Conversations on Colour – Sharon Peake and Terry Longden
At this year’s Matrix conference we not only got a chance to speak to the brand’s general manager Sussan Verghese we also got to grab five minutes with Sharon Peake, Terry Longden and Rosie Binns of Ethos Hairdressing. We discussed where colour trends will be breaking through for next season and the launch of Matrix SoColor Cult…
HJ: We’re currently seeing more bright, bold hair colours on an everyday basis, do you think it will stick around?
Sharon: I think we’ve got another couple of years, don’t you?
Terry: I think we’ve got another couple of years because, what’s going to happen is it’s going to move away from the younger market and I think the older clientele will actually start embracing it as well. What we forget as well that the 60 and 70 year olds are remembering the days from when they were punks in their youth and the new romantics when colour was around, so now they’re actually embracing that resurgence of colour and they’re gonna find it more fun but sophisticated at the same time.
S: We’ve got some of our older clients who perhaps are having a little flash of something very bright like a little peekaboo colour, and then maybe a slightly more colourful toner than they would normally have so it’s already happening isn’t it.
HJ: Do you think that for the younger clients that social media has given an unrealistic expectation of colour services or do you think it’s helped? What are your views on that?
T: I think it’s a mixture. I think because of photoshopping, it gives an unrealistic view for when somebody comes in and their expectations. But also on the flip side of it, it’s great as a consultation tool because they see these lovely colourful colours and we can guide them to where they can go on their journey rather than getting to that journey straight away, before the limitations.
S: There’s so many different variations. It’s like they can do so much at home and it looks alright a lot of it but then they want to try different tones and thats where they’re going to come up against difficulties because they haven’t got the right canvas to start off with.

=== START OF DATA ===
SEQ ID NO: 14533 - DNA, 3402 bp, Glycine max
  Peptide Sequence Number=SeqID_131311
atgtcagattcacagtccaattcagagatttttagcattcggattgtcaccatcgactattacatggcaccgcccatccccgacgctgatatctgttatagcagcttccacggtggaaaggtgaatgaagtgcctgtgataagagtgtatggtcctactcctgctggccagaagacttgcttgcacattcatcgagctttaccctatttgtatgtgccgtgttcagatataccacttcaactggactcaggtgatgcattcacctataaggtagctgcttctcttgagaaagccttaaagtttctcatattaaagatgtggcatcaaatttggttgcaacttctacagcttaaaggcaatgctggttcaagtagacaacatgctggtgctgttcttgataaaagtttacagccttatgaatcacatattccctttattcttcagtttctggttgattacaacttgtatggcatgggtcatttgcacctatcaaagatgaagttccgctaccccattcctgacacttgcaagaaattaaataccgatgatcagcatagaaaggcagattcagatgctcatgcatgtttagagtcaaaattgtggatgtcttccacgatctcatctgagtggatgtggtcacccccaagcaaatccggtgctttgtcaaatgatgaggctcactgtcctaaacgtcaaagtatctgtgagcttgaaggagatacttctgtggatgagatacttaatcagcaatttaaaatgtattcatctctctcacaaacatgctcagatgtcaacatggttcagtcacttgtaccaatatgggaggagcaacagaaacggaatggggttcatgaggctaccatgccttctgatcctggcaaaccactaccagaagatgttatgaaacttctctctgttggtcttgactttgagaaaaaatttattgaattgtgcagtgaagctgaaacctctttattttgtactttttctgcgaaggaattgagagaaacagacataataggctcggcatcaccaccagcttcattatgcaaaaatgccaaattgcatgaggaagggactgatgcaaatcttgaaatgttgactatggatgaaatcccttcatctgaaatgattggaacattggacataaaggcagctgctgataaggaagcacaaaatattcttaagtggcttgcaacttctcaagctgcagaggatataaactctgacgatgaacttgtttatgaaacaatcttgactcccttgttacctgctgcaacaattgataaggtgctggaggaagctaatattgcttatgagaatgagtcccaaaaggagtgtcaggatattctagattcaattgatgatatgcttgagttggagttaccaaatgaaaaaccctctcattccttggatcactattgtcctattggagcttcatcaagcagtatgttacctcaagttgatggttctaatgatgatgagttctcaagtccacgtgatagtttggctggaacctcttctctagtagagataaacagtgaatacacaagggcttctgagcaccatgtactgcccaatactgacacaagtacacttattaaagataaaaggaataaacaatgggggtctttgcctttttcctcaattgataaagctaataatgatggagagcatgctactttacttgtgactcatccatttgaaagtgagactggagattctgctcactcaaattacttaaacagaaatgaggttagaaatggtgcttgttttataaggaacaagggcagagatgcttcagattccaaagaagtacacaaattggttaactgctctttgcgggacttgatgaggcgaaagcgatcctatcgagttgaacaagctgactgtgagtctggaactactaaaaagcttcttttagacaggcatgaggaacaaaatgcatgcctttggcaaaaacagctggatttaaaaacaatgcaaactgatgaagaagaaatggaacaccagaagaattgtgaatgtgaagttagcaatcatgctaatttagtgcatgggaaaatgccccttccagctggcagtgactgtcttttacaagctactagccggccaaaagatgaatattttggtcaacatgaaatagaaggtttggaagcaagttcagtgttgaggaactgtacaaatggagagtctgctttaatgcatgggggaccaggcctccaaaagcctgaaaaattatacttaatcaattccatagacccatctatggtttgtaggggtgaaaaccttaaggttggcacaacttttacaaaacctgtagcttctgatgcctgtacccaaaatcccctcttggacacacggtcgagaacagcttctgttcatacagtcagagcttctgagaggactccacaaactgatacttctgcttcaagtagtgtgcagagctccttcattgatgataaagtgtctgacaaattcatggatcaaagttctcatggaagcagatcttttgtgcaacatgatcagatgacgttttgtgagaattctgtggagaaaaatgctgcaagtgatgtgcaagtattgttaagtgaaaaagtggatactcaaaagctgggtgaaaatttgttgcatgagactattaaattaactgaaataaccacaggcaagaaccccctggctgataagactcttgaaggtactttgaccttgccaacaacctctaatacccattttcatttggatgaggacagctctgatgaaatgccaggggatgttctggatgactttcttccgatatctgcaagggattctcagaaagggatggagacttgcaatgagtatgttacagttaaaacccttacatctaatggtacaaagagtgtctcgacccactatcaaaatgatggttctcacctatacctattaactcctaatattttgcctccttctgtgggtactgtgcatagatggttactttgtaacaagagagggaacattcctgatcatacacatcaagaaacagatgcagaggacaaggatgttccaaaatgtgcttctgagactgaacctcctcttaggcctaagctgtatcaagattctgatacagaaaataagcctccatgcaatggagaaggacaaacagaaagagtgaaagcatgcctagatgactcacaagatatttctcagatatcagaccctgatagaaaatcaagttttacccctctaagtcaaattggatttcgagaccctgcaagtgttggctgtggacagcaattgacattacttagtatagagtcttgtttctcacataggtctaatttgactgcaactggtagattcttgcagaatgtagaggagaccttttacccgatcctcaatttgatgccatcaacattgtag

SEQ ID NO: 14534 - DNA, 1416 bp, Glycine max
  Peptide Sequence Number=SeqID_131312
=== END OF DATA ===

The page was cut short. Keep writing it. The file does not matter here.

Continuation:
HJ: So can you talk us through a bit more about SoColour Cult and your experience, you’ve been using it obviously for quite a bit, and how you’ve found it different from other colours that you’ve used?
S: This sounds really geeky but the consistency of it is lovely to work with actually just putting it on the hair, the condition of the hair afterwards, as long as you’ve got a light enough base, what you see there, is what that’s going to come out like.
T: So [in the range] there’s going to be direct [dye] then tone-on-tones. So the demis will be a tone-on-tone and that’s when you’ll need an activator with it. The semis are direct dye so they’re the semi permanent colours and tone-on-tones are the quasi permanents.
HJ: We spoke about bolder colours but what do you think moving in to the end of the year and forward to 2019, what do you think we’ll be seeing?
S: I think we’ll be seeing cleverer techniques because [clients have] been able to experiment at home with like a bit here and a bit there but it’s not specific enough so if you want something that’s going to look a little bit different and more expensive then they’re going to have to come into the salons. It could be just like one colour and lots of different versions of it, so lighter, very pastel and then quite a deep colour or multi-coloured but I think it’ll be the techniques that are going to be different.